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08/13/17 Nineteenth Sunday in Ordinary Time - Fr. Reggie

Chapters nine through eleven of St Paul's Letter to the Romans are a theological thorn bush.

In these chapters, St Paul deals with a problem that caused him personal anguish on an emotional level and throughout history has caused theologians countless headaches on an intellectual level.

He is facing the mysterious question of why the Jewish people as a whole did not accept Jesus as the Messiah. God had been patiently getting them ready for the Messiah's arrival for almost 2000 years, and yet when Jesus came, he caused controversy and rejection more than joyful welcome. Paul lists all the privileges that the Chosen People had received from God throughout the Old Testament, privileges unique to that nation. He calls to mind the unique role that God gave the People of Israel in the history of salvation, gradually preparing them to give the world its Savior. But then he spends the rest of these chapters wrestling with the mysterious reality that the nation as a whole did not recognize and accept the Messiah when he finally came. Many individuals did - St Paul is one of them, the Blessed Virgin Mary is another, the other Apostles did too - but not the whole community of Israelites as a community. Why not? Was God somehow unfaithful to his promises, did he abandon his Chosen People, couldn't he have changed their hearts?

In coming weeks, we will follow his reflections and conclusions, but today we can already see one implication of this mysterious reality: faith, the faith which puts us in a right relationship with God, is not something automatic. Rather, each one of us must take personal responsibility for it. Otherwise, we may seem to be close to God on the outside, while on the inside we may be far away from him.

This is one reason why many non-Catholic Christian denominations condemn the ancient, Catholic practice of infant baptism.

For them, faith is a personal commitment to follow Jesus Christ, and baptism is the symbol of that commitment.

And so, for them, it makes no sense to baptize a baby who is too young to be able to make a personal commitment. 

Of course, they are forgetting that faith is much more than just a "personal commitment" - though it is certainly nothing less. Faith is first and foremost a gift of God, a gift of God's grace. This is the difference between faith and self-help. Jesus saved us while we were still sinners, and his saving love changed our hearts - not the other way around. When we baptize babies that's what we are focusing on: God's unconditional generosity in offering us salvation not as a reward for something we did, but purely out of love. The Gospels tell us about many parents who asked Jesus to come and heal their sick or dying children, even though the children couldn't ask for themselves. Just so, Catholic parents, through the sacrament of baptism, ask God to come and give his gift of grace to their newborns, who are too young to ask for it themselves.

So the non-Catholic Christians who criticize infant baptism are confused about that point, they are forgetting that friendship with Christ begins with God's free gift of grace. But they aren't confused when they criticize Catholics for being so caught up in external rituals that we sometimes neglect our personal relationship with Jesus Christ. Parents who have their children baptized, for example, but then never teach their children how to pray, are only doing half their job. And our non-Catholic brothers and sisters are right to call us to task for it.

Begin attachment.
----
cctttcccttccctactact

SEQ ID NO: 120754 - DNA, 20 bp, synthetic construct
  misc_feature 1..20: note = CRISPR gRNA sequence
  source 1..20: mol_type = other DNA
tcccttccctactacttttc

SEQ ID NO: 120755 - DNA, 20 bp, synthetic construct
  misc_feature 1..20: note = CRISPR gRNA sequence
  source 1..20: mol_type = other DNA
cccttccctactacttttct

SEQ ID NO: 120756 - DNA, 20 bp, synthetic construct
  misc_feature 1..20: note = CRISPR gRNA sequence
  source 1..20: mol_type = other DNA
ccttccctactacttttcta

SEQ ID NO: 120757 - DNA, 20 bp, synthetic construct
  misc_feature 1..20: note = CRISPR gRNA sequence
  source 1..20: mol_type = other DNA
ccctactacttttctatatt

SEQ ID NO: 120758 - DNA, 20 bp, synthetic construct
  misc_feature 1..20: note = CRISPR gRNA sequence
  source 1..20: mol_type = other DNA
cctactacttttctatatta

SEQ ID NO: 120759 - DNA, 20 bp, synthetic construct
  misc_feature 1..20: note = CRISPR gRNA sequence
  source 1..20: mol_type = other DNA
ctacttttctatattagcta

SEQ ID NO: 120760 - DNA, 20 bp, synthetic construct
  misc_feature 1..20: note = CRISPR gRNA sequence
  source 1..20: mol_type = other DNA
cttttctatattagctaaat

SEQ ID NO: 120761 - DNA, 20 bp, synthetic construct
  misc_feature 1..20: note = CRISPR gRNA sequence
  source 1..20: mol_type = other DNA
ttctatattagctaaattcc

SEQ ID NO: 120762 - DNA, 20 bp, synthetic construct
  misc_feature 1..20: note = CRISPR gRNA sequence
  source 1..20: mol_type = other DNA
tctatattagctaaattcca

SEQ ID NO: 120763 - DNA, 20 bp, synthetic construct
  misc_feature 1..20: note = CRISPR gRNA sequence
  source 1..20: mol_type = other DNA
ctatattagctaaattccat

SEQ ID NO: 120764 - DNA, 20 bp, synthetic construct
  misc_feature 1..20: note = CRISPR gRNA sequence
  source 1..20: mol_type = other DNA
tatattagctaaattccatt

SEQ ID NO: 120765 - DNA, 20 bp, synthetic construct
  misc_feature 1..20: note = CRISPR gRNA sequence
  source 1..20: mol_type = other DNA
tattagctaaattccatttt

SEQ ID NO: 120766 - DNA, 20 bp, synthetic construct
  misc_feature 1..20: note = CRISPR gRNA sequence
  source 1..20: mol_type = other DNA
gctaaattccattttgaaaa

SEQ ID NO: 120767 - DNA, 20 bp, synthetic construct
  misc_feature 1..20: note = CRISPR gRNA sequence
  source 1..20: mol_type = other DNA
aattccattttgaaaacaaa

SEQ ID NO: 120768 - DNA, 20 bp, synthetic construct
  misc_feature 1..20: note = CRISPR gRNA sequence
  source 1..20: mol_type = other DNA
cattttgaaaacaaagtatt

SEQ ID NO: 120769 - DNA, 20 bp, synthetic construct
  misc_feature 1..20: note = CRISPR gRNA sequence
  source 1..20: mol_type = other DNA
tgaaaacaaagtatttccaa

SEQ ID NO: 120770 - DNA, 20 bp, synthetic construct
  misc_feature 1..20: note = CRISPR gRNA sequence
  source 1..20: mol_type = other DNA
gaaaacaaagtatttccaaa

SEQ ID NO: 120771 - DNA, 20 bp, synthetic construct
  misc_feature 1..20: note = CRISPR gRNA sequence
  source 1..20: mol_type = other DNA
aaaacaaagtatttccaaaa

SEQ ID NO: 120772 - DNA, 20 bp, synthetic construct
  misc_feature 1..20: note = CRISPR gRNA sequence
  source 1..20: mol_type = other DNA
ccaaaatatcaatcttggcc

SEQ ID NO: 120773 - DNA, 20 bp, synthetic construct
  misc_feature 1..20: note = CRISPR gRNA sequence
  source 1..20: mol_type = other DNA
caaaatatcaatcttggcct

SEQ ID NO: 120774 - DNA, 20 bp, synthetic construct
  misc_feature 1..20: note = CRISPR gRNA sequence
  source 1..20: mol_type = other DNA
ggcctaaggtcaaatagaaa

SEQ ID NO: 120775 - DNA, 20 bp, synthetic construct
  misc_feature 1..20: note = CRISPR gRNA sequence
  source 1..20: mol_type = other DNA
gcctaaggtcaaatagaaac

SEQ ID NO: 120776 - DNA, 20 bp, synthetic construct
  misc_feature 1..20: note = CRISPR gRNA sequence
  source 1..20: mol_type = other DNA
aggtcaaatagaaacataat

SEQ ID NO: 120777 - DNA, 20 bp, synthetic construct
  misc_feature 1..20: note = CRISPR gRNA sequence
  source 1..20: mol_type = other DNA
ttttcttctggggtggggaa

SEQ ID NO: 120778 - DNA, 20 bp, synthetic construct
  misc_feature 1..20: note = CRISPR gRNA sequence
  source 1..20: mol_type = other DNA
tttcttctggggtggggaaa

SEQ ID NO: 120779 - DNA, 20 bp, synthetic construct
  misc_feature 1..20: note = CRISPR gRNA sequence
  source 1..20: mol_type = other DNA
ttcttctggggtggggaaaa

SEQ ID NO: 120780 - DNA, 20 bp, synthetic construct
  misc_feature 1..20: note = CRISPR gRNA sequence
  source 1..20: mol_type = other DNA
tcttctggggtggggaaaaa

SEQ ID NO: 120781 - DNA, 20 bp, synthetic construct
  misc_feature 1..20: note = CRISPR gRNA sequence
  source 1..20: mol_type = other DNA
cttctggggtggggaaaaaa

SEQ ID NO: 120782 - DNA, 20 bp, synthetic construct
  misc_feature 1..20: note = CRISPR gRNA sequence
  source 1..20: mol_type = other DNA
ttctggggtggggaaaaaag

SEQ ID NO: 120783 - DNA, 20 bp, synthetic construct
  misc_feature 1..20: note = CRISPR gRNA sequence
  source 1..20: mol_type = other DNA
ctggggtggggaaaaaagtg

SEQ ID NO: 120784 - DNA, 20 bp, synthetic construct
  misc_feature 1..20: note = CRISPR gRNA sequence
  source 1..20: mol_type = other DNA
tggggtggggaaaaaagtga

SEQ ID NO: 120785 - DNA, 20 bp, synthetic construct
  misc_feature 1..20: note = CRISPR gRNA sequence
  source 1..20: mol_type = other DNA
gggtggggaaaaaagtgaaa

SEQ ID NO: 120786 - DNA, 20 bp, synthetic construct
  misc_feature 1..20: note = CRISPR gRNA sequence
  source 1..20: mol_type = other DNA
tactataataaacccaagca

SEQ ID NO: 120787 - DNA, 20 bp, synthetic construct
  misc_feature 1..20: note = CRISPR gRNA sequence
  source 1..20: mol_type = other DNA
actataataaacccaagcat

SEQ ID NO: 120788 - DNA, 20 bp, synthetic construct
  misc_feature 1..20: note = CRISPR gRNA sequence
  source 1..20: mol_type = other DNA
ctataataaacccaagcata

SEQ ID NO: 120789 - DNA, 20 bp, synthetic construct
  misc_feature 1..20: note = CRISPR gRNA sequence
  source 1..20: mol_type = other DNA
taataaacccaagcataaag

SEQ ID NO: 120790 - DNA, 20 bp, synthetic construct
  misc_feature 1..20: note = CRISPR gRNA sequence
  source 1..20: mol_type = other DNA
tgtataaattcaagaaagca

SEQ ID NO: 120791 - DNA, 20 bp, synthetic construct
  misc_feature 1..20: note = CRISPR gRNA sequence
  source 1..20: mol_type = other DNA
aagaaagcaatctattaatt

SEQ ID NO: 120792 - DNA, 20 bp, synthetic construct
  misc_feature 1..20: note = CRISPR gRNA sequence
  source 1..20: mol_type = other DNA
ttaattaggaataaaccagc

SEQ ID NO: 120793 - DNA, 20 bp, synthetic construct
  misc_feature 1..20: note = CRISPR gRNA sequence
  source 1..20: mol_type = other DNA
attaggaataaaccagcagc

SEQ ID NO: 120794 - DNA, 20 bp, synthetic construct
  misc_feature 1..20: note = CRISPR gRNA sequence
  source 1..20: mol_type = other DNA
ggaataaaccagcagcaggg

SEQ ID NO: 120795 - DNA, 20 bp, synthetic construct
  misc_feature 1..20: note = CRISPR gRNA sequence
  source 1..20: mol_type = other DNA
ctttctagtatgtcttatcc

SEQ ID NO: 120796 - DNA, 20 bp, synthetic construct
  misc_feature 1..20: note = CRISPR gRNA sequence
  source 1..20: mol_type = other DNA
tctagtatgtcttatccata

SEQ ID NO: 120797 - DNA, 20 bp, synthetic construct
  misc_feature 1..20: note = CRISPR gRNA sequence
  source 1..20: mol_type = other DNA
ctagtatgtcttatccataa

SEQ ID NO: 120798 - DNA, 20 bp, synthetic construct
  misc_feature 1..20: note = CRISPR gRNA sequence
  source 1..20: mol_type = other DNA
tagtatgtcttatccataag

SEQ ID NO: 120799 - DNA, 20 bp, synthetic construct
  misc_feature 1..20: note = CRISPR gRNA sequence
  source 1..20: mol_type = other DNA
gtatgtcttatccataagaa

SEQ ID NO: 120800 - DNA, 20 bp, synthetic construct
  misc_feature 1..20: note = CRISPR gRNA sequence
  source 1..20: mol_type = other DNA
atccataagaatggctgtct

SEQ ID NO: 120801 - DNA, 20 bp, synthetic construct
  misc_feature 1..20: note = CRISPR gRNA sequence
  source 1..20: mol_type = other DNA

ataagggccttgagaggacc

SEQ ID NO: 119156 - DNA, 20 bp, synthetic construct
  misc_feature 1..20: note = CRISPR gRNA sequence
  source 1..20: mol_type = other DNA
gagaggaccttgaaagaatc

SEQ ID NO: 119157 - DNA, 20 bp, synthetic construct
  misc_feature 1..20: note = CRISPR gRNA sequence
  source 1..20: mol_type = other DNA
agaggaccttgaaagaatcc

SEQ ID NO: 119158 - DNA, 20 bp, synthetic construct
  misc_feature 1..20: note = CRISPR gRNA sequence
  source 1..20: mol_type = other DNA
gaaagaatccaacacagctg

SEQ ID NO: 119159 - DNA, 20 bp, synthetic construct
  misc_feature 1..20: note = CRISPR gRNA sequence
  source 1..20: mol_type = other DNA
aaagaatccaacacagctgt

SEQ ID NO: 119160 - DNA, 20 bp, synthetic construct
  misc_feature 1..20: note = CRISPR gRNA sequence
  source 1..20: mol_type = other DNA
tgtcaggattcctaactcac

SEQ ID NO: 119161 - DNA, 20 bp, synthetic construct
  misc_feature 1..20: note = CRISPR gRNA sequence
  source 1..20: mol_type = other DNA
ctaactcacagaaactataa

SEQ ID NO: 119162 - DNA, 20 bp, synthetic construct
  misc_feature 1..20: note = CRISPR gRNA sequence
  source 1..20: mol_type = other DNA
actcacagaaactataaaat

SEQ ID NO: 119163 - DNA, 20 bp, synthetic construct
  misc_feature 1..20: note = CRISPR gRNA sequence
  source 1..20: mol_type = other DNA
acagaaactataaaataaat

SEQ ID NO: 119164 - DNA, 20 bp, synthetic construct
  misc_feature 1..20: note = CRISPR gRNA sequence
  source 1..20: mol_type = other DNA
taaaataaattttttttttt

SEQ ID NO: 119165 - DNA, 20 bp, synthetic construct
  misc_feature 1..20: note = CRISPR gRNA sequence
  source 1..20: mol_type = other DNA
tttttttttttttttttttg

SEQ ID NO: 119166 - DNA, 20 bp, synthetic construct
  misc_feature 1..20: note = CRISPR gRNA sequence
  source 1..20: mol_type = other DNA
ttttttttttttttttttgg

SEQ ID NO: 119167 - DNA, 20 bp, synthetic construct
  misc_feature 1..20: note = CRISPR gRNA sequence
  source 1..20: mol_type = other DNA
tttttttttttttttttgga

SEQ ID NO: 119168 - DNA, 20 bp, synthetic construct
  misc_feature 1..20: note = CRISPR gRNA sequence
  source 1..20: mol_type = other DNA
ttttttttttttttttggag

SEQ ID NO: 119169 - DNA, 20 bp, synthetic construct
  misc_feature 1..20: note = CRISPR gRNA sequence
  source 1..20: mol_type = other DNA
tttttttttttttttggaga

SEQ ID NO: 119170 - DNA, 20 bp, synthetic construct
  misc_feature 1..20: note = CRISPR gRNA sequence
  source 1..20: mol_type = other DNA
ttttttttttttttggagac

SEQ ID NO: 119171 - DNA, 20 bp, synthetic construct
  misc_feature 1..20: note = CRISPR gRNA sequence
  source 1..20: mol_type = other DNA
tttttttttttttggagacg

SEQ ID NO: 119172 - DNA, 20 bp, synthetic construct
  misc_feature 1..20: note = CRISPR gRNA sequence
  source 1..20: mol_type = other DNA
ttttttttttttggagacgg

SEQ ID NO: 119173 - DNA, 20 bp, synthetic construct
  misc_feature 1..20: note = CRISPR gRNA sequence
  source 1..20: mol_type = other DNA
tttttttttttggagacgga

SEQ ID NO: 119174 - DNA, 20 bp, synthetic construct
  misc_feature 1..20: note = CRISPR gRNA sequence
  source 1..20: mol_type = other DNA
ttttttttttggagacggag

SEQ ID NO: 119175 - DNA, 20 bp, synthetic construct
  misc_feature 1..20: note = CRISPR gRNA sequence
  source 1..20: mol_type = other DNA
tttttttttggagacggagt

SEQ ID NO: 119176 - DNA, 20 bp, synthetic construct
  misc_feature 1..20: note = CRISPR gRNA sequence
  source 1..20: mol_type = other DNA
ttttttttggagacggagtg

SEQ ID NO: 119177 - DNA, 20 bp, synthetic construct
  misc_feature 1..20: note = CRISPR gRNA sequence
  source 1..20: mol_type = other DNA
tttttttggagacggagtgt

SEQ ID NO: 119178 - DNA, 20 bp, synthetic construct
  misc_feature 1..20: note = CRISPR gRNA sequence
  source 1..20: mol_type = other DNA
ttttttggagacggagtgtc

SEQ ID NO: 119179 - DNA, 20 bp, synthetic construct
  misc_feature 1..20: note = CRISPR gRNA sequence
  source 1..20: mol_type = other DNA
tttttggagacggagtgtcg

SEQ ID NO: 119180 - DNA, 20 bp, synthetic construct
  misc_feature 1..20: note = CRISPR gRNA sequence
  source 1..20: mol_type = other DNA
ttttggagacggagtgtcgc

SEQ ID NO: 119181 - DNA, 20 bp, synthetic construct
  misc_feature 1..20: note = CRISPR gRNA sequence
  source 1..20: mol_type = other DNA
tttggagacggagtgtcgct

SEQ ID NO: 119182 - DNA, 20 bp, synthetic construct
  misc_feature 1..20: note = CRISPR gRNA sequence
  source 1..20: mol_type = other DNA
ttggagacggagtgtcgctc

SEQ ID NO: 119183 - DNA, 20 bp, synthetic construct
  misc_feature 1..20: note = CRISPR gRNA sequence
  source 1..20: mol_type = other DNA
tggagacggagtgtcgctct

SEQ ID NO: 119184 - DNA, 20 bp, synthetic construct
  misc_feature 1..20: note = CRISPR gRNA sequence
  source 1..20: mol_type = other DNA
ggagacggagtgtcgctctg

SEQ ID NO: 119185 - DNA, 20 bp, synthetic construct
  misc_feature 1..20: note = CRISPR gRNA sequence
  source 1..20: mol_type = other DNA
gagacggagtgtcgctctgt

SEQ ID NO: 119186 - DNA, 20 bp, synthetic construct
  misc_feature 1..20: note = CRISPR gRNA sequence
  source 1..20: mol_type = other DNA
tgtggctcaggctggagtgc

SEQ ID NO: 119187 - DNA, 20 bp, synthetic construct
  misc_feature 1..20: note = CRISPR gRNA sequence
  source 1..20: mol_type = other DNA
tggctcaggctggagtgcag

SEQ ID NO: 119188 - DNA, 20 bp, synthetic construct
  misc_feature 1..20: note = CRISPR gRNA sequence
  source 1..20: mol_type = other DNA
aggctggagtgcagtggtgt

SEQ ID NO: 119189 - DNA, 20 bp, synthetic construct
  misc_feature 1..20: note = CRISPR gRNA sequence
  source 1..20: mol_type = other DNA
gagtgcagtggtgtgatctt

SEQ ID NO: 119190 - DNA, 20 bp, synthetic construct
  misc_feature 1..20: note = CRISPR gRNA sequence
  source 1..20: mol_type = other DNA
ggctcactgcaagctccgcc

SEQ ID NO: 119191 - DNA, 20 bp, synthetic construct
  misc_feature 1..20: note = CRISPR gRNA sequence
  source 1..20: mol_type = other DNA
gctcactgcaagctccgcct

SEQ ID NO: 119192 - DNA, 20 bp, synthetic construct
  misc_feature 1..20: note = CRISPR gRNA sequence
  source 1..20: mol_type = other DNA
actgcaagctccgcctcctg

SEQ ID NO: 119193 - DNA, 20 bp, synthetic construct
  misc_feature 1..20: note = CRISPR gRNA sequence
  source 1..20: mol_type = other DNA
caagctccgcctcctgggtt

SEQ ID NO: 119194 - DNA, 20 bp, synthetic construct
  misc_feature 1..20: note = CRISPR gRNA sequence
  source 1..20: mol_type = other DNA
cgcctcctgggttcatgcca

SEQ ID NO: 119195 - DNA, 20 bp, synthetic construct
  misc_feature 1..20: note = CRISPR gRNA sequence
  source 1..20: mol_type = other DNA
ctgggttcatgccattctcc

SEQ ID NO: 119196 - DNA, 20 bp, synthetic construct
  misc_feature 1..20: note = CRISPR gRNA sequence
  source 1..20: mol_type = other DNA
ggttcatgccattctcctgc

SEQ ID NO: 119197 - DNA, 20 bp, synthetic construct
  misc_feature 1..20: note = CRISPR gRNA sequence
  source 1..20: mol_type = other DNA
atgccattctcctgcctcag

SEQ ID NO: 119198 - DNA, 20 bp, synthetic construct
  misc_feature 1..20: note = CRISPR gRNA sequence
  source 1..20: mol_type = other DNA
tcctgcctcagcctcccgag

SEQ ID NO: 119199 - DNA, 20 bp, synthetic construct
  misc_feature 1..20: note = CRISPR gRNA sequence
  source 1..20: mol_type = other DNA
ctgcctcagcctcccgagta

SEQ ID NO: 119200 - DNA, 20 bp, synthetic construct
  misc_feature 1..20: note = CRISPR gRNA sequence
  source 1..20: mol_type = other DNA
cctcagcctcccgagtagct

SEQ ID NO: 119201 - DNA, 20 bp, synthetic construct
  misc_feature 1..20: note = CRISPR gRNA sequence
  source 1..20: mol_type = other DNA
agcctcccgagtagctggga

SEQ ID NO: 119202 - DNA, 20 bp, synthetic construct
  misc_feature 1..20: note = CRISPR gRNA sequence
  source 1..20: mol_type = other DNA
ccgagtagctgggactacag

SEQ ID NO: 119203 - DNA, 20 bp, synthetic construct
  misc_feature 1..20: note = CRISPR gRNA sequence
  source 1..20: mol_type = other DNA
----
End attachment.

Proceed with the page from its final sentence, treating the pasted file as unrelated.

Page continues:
If we don't personalize the faith we received at baptism, we may end up missingGod's most important actions in our lives.

What can we do to rejuvenate and deepen this personal relationship with Christ that is so important for our growth into maturewise, and joyful Christians?

We need to follow the example of Elijah in the First Reading, and the example of Jesus himself in the Gospel.

We need to go up to the mountain, leaving behind the hustle and bustle of our busy lives, in order to spend time alone with God, to be able to hear the "tiny whispering sound" of his voice, to renew our strength, to find out what he wants to say to us.

There are many ways we can do this. Here are three ideas.

First, every Catholic should go on a yearly spiritual retreat, even if only for one weekend a year, even if only for one day a year, to spend some quality time with the Lord, one-on-one.

Second, we also need to spend time in personal prayer every day. We easily find ten minutes for so many things - why is it so hard to find ten minutes in the morning and the evening to spend exclusively with the Lord? The very fact that it is so hard is proof that we really need it.

Finally, a privileged moment of intimate, personal contact with our Lord happens every Sunday at Holy Communion, when we have those precious moments of silence to speak heart-to-heart with the one who loves us and gives himself to us. The sacred space of this church is like Mt Horeb - set aside for personal encounters with God. And so we should always treat it with great respect.

If we don't take time to cultivate our personal relationship with Christ, chances are we will be swept away by the fire and the earthquake, and miss out on the wonderful plans God has for our lives.



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